No real sign of Autumn here yet. We did have a day of rain showers last week though. That was a slightly strange experience given that it’s the first we’ve seen since mid May.
It was a bit of a shame as it was the last day of the holiday for some surprise visitors.
Our good friend and Gleda’s third crewmember Jake came over for a short break with his girlfriend Lucie.
We hadn’t seen Jake since he left us in Camariñas back in June last year after he’d spent 3 weeks crewing for us from Alderney and across Biscay. It was great to have them both aboard and to see their shared enthusiasm for adventure. I just know that they’ll be following in our wake soon.
Barefoot Boat Bums Together Again
Of course it hasn’t rained since they left, in fact the weather has been glorious. It may be October but for us it’s still Summer. So, to make the most of it we, and some of the other liveaboards here decided to have an afternoon at the nearest beach, Cala Cortina.
It’s a good walk of about 45 minutes that takes you past the fishing port and container terminal out towards the Escombreras commercial docks. It’s the working end of town and, as you might expect, not particularly scenic. But even here Cartagena continued to surprise. Beautiful themed street art brightened our path.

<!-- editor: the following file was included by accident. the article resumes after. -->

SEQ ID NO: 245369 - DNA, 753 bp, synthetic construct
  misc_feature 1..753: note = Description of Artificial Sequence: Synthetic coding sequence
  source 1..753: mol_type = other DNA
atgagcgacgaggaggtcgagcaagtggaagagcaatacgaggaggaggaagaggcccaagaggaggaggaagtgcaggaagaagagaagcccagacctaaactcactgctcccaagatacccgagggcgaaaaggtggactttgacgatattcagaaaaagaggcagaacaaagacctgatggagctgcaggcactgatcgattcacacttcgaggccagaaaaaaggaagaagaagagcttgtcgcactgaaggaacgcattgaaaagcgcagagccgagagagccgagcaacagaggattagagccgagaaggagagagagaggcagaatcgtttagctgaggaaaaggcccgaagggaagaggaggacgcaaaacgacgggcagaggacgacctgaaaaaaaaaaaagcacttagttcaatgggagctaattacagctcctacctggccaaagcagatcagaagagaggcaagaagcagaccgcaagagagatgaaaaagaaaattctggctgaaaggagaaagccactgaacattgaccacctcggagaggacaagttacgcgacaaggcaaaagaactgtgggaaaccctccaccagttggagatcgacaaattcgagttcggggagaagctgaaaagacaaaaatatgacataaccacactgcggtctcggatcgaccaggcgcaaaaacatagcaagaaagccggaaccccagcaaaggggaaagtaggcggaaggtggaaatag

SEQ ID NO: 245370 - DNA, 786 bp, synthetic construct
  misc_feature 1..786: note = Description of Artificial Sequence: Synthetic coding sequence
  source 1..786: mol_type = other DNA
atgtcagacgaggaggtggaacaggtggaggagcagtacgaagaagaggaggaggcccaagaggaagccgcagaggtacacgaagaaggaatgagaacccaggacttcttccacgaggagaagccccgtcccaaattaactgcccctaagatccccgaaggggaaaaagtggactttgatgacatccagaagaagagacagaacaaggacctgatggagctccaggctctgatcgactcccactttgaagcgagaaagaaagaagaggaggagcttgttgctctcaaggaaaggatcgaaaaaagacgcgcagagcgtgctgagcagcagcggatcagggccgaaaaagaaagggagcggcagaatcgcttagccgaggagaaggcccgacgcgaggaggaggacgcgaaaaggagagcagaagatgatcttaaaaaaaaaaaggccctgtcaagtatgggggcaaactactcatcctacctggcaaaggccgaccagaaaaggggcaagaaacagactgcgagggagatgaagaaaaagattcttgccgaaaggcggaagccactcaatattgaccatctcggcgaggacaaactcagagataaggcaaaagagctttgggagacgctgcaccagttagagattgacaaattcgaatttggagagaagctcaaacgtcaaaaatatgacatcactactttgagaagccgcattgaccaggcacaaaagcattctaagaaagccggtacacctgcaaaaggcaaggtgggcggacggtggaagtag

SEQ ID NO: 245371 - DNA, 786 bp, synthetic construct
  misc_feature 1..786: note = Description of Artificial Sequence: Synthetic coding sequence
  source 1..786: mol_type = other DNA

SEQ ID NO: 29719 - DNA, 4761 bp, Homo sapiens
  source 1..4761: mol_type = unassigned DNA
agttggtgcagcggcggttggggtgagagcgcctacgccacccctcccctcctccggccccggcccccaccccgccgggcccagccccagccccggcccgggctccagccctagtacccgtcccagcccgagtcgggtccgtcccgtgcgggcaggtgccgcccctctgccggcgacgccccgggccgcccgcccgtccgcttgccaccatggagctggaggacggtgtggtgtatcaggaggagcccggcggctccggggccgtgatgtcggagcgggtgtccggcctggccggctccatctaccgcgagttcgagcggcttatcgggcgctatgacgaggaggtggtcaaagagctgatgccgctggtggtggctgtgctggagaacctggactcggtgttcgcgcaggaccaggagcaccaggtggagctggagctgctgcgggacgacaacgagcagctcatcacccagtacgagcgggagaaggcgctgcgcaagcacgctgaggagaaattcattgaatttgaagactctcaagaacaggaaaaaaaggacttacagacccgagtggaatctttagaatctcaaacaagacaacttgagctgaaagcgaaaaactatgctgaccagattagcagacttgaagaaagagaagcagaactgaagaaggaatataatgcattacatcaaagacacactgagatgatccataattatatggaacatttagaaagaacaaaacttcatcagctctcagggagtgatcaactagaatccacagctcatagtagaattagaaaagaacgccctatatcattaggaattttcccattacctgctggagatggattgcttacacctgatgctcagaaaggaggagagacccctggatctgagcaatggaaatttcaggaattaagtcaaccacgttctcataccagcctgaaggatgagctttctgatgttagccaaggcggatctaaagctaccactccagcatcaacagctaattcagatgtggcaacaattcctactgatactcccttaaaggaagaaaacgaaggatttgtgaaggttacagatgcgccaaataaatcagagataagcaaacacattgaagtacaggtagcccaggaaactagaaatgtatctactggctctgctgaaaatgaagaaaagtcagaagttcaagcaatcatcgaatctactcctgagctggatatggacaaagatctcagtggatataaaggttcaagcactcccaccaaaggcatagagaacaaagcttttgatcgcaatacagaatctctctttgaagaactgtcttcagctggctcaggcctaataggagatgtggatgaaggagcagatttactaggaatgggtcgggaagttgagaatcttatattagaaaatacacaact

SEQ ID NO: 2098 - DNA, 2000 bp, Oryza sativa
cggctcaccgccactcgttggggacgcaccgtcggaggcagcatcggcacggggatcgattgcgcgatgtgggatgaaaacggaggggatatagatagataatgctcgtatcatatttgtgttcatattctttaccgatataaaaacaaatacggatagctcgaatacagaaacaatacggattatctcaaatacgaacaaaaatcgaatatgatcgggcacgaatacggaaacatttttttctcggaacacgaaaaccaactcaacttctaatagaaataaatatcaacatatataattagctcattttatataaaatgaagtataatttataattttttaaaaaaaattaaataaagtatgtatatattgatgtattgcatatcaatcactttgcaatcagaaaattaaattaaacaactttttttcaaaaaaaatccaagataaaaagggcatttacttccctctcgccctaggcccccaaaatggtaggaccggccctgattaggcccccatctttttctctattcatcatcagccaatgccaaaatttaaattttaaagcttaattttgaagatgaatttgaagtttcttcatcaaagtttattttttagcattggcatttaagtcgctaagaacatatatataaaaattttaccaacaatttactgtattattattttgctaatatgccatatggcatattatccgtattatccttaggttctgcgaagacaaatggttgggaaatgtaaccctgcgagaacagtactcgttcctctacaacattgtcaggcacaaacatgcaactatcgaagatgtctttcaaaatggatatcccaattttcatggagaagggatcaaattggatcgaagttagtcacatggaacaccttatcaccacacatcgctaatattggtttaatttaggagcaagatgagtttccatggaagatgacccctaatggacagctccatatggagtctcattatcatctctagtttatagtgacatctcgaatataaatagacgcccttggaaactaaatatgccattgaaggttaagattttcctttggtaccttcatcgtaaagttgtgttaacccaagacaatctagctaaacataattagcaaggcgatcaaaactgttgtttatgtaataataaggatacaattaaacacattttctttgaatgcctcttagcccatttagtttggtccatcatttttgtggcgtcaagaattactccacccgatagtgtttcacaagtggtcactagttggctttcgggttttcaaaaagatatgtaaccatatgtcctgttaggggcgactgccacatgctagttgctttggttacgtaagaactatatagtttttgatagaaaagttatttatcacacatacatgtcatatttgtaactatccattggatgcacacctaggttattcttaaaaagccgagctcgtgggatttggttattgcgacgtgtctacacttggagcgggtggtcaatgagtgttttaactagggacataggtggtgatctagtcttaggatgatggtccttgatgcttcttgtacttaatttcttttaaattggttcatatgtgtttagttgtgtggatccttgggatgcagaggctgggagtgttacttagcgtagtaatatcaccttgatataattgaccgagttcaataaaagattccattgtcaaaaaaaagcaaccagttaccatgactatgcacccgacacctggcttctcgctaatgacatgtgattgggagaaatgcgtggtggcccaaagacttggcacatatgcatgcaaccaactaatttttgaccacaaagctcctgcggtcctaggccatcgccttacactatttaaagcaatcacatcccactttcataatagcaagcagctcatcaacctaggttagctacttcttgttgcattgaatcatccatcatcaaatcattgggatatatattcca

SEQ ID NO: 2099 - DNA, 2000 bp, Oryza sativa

A statute of St Peter guarded the fishing boats
A beautiful mosaic nearby
A lovely church just off the road
An old mining crane, now a memorial.
Cala Cortina was worth the walk. The beach is fine shingle and the shallow bay is surrounded with rocks that make for excellent snorkelling. It’s the first time I’ve snorkelled in such clear water with so many fishes. That said it was a shame to see small amounts of plastic and litter in amongst the rocks. I guess the lack of tide and proximity of the city and docks have much to do with it and we’ve seen much worse. But it was a sad reminder that we’re slowly but surely ruining our environment with seemingly unstoppable momentum.
On the walk back I shot this short video. It should give you a better idea of where we are.